Unfortunately, the waiting lists for such therapies have grown so extensively that people just aren’t receiving the help they need at a fast enough rate. There are also many individuals who seek out clinical therapy for what is just a normal period of low mood due to life circumstances, and where a different type of therapy might help. Once again, resilience is missing, and young people are aligning low mood with a clinical diagnosis.

Distinguishing between a time for concern, and the time for resilience

It is worth noting that there are many people who do have a clinical diagnosis of both depression and anxiety, where the period of ‘normal’ is exceeded and a genuine problem noted. These individuals require additional support from mental health specialists at varying levels and medication to help. However, the true experiences of these individuals is just as lost as the other serious mental health conditions. Everyone around mental health patients thinks they understand these conditions, due to their own experiences based on normal emotions, which is completely different.

However, if we were to teach the following generation what normal emotions look like, tension and anxiety would be considered, well, normal. And promoting resilience gives younger people the skills to control their emotions. We can stop this downward cycle, decrease waiting lists for therapy and lower the use of antidepressants. Boosting our children’s self-assurance and belief in their skills is vital – it would be wonderful to help young people successfully navigate through their natural emotions by acknowledging them for what they are.

What does 'mental health' truly mean?

Whilst I do think the increased conversations we are having about mental health through celebrity stories is a positive one – and there has been a reduction in stigma regarding ‘talking about mental health’ – I firmly believe there is still a long way to go in understanding what is truly meant by mental health. We need to be educating people around normal emotions and resilience; helping improve coping strategies for life, and how to correctly address emotions rather than label with clinical diagnosis.

​Clinical definitions according to the International Classification of Diseases (ICD-11): Anxiety: Related to behavioural disturbances, with symptoms severe enough to result in significant distress or impairment in functioning.

  • The presentation is characterised by physiological symptoms of excessive arousal, apprehension, and avoidance behaviour

  • The symptoms result in significant distress or significant impairment in personal, family, social, education, occupational or other important areas of functioning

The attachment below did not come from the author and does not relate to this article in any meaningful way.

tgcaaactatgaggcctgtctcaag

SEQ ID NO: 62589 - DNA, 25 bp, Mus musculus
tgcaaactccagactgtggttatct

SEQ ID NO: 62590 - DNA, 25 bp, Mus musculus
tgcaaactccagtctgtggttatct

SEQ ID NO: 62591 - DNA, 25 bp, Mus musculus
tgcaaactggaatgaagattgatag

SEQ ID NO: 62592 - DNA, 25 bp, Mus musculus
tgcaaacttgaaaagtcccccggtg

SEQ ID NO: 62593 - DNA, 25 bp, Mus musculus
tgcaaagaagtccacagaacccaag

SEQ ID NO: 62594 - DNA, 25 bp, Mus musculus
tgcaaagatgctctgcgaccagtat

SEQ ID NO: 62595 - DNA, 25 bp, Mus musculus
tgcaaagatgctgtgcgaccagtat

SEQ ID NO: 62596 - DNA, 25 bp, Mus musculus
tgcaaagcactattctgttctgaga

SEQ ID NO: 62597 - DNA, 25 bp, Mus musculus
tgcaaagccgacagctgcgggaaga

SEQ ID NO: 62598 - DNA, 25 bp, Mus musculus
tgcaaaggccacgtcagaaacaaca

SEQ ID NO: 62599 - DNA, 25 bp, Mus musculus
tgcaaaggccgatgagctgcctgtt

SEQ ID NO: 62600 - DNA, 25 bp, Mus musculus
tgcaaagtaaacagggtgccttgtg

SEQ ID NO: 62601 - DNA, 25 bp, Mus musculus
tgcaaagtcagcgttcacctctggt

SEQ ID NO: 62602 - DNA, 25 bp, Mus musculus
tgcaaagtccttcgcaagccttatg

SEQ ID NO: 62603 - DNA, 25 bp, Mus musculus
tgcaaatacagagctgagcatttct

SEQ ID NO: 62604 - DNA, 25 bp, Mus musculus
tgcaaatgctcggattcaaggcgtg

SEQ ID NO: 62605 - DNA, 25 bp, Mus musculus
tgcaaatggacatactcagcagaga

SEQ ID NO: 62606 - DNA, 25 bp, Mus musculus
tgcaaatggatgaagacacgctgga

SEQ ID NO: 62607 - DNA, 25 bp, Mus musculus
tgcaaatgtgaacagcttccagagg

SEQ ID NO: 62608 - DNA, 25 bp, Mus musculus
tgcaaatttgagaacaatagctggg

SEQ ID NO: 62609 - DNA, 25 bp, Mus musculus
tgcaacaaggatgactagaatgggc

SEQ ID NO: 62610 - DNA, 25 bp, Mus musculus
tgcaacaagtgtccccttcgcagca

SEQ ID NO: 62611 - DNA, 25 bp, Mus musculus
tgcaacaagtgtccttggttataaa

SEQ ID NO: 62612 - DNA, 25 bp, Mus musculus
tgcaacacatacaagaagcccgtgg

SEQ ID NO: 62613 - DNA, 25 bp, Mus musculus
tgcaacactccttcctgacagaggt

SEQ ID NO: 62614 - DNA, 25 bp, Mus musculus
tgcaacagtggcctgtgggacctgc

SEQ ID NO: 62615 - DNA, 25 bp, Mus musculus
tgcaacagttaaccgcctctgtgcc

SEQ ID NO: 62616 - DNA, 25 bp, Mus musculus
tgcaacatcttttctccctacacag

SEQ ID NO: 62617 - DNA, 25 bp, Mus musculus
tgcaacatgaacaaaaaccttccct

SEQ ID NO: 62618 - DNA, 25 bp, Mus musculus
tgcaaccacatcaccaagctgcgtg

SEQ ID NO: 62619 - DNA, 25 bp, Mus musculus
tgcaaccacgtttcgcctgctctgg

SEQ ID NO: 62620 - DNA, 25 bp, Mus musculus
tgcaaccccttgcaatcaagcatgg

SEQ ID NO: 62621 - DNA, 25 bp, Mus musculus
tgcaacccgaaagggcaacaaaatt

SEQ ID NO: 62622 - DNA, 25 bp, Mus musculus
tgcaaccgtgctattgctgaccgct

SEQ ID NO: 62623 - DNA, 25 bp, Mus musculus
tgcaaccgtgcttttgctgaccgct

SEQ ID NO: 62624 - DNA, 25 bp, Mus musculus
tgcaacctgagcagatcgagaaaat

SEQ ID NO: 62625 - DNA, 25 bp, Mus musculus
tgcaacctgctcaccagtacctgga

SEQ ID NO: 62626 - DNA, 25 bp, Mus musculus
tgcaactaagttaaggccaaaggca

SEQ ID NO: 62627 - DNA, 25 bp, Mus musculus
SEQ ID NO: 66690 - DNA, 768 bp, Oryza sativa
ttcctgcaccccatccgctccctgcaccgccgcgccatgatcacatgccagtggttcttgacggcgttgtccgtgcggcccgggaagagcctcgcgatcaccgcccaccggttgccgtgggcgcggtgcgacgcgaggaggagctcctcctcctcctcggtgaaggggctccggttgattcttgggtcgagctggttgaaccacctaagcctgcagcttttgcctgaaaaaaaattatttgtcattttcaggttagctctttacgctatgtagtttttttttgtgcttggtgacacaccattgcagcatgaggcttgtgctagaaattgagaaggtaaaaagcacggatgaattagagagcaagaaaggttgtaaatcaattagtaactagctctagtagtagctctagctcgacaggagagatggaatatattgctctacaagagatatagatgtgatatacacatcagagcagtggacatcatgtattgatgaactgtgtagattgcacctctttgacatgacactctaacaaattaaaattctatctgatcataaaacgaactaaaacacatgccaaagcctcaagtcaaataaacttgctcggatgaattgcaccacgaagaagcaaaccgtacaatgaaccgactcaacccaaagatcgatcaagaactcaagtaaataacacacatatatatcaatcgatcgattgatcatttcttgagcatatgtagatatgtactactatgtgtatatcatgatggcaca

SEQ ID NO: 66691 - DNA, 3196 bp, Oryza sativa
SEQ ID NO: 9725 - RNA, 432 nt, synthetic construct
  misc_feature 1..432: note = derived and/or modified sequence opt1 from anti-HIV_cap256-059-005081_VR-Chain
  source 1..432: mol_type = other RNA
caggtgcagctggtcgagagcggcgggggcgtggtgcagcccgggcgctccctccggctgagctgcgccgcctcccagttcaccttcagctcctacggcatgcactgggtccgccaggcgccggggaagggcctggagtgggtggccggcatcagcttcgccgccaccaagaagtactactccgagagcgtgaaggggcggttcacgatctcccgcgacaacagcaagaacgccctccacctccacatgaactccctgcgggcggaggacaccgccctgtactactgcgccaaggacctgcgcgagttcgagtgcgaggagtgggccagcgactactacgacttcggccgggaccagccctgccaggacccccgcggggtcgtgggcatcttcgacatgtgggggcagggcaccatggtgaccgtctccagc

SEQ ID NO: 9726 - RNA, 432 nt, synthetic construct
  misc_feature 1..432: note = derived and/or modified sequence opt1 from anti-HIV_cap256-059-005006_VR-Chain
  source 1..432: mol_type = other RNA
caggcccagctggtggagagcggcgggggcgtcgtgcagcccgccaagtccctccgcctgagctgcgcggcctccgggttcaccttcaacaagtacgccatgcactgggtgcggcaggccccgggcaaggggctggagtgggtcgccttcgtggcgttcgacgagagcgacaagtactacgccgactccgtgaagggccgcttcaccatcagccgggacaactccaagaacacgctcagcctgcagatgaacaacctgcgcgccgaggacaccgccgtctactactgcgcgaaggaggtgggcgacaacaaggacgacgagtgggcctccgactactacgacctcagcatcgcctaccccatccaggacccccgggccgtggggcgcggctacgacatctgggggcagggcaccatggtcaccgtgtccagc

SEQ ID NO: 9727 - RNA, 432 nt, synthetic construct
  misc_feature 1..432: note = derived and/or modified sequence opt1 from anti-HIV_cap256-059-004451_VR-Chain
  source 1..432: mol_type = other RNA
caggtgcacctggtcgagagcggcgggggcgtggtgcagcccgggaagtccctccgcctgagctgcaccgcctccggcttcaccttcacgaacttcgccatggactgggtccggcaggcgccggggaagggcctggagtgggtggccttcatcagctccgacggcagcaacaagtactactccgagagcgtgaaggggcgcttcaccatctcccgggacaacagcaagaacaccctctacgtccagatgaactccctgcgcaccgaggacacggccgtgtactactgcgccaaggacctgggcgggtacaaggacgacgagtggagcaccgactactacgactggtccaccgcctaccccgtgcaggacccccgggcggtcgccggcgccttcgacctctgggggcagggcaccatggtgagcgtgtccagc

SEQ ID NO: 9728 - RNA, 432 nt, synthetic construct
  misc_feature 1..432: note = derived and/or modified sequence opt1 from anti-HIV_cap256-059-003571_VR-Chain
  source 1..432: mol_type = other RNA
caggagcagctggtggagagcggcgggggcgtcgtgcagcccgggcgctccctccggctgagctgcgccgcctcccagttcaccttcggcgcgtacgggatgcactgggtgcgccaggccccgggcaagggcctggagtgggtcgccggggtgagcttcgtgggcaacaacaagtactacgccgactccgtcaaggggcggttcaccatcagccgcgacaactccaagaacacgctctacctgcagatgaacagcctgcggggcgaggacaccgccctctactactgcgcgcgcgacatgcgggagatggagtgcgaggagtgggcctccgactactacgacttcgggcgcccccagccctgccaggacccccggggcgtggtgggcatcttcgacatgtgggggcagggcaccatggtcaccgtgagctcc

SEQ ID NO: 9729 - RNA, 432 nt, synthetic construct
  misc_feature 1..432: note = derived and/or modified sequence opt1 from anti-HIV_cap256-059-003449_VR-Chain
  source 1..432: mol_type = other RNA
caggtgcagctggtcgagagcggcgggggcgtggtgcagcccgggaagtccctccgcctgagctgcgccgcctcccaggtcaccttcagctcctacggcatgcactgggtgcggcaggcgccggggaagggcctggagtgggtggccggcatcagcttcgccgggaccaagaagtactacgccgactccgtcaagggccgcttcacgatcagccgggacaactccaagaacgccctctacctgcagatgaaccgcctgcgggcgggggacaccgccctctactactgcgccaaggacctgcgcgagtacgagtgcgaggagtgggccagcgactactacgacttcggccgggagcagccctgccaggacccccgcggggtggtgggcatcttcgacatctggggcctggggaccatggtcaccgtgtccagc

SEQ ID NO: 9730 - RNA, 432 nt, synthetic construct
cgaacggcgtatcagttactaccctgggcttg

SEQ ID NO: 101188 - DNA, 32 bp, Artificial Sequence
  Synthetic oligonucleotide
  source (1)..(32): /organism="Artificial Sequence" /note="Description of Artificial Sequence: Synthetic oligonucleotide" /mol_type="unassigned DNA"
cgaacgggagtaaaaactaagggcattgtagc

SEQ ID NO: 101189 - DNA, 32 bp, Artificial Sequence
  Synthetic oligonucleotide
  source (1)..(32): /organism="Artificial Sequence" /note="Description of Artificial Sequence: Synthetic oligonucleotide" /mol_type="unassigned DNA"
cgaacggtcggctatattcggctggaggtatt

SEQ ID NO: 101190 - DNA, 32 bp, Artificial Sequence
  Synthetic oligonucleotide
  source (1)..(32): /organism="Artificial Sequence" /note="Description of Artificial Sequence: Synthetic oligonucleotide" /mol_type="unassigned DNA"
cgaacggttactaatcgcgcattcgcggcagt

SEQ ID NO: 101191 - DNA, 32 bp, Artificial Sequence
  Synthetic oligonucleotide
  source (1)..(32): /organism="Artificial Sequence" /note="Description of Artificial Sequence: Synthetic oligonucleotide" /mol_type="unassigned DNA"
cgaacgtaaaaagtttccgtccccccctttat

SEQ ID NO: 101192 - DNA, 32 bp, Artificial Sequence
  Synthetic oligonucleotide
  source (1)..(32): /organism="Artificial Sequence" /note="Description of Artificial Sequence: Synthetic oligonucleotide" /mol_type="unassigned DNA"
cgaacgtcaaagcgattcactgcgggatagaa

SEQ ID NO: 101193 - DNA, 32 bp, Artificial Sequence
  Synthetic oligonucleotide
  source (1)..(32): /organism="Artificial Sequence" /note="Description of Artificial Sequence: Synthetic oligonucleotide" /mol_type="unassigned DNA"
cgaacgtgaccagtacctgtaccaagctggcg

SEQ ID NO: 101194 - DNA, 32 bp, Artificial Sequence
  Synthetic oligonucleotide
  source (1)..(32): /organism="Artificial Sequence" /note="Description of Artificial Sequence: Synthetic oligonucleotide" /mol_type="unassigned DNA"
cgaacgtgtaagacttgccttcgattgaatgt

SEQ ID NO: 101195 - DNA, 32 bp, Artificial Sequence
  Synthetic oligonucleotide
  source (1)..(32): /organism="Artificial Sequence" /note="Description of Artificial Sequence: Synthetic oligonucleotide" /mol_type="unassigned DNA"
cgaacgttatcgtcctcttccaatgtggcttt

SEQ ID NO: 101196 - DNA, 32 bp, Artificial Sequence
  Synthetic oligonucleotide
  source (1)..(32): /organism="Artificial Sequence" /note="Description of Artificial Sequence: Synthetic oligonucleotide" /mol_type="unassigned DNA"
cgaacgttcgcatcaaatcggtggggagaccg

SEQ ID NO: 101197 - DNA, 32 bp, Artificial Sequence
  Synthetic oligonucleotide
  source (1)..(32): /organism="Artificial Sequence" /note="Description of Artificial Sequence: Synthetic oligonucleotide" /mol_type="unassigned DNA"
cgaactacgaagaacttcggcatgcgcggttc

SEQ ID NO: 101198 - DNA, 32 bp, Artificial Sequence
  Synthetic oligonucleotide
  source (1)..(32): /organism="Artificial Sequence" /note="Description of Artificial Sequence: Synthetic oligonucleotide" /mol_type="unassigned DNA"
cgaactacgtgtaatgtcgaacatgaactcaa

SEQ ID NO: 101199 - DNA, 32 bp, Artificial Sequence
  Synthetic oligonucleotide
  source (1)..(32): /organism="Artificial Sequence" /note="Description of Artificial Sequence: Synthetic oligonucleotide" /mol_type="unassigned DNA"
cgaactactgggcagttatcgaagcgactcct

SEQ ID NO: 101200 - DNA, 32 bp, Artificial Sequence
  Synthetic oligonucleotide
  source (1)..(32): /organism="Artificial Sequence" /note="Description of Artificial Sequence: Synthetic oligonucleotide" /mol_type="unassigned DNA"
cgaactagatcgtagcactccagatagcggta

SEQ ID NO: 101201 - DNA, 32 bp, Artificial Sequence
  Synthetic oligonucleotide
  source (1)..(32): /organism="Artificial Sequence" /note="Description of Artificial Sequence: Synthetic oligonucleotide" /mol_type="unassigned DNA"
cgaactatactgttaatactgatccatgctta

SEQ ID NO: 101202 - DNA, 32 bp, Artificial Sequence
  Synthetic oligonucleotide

• The symptoms are not better accounted for by another mental, behavioural or neurodevelopmental disorder

  • The symptoms or behaviours are not developmentally appropriate or culturally sanctioned

  • The symptoms or behaviours are not the manifestation of another medical condition

  • The symptoms are not because of a substance or medication on the central nervous system, including withdrawal

Depression: A mood disorder which must contain at least five of the following characteristics, occurring nearly every day, for at least 2 weeks:

  • Depressed mood (self-reported or observed) and/or irritability

  • Lack in pleasure in activities, especially those that would usually bring enjoyment

  • Reduced ability to concentrate on tasks, or marked indecisiveness

  • Beliefs of low self-worth or excessive/inappropriate guilt

  • Hopeless about the future

  • Recurrent thoughts about death, suicidal ideation, or evidence of attempted suicide

  • Significantly disrupted sleep – increased waking in the night or excessive sleep

  • Significant change in appetites or significant weight change (gain or loss)

  • Psychomotor agitation or retardation

  • Reduced energy, fatigue, or marked tiredness following expenditure of only a minimum of effort

Symptoms should not be linked to the following:

  • Bereavement

  • The manifestation of another medical condition (i.e. brain tumour)

  • The effects of substances/medication on the central nervous system

  • Impairment of personal, family, social, educational, occupational, or other areas of functioning


Further reading:

  • Ritsner. M, Lisker. A and Grinshpoon. A (2014) Predicting 10-year quality-of-life outcomes of patients with schizophrenia and schizoaffective disorders. In Psychiatry and Clinical Neurosciences 68, p308-317

  • Rackman. A (2022) Nearly half a million more adults on antidepressants in England BBC News website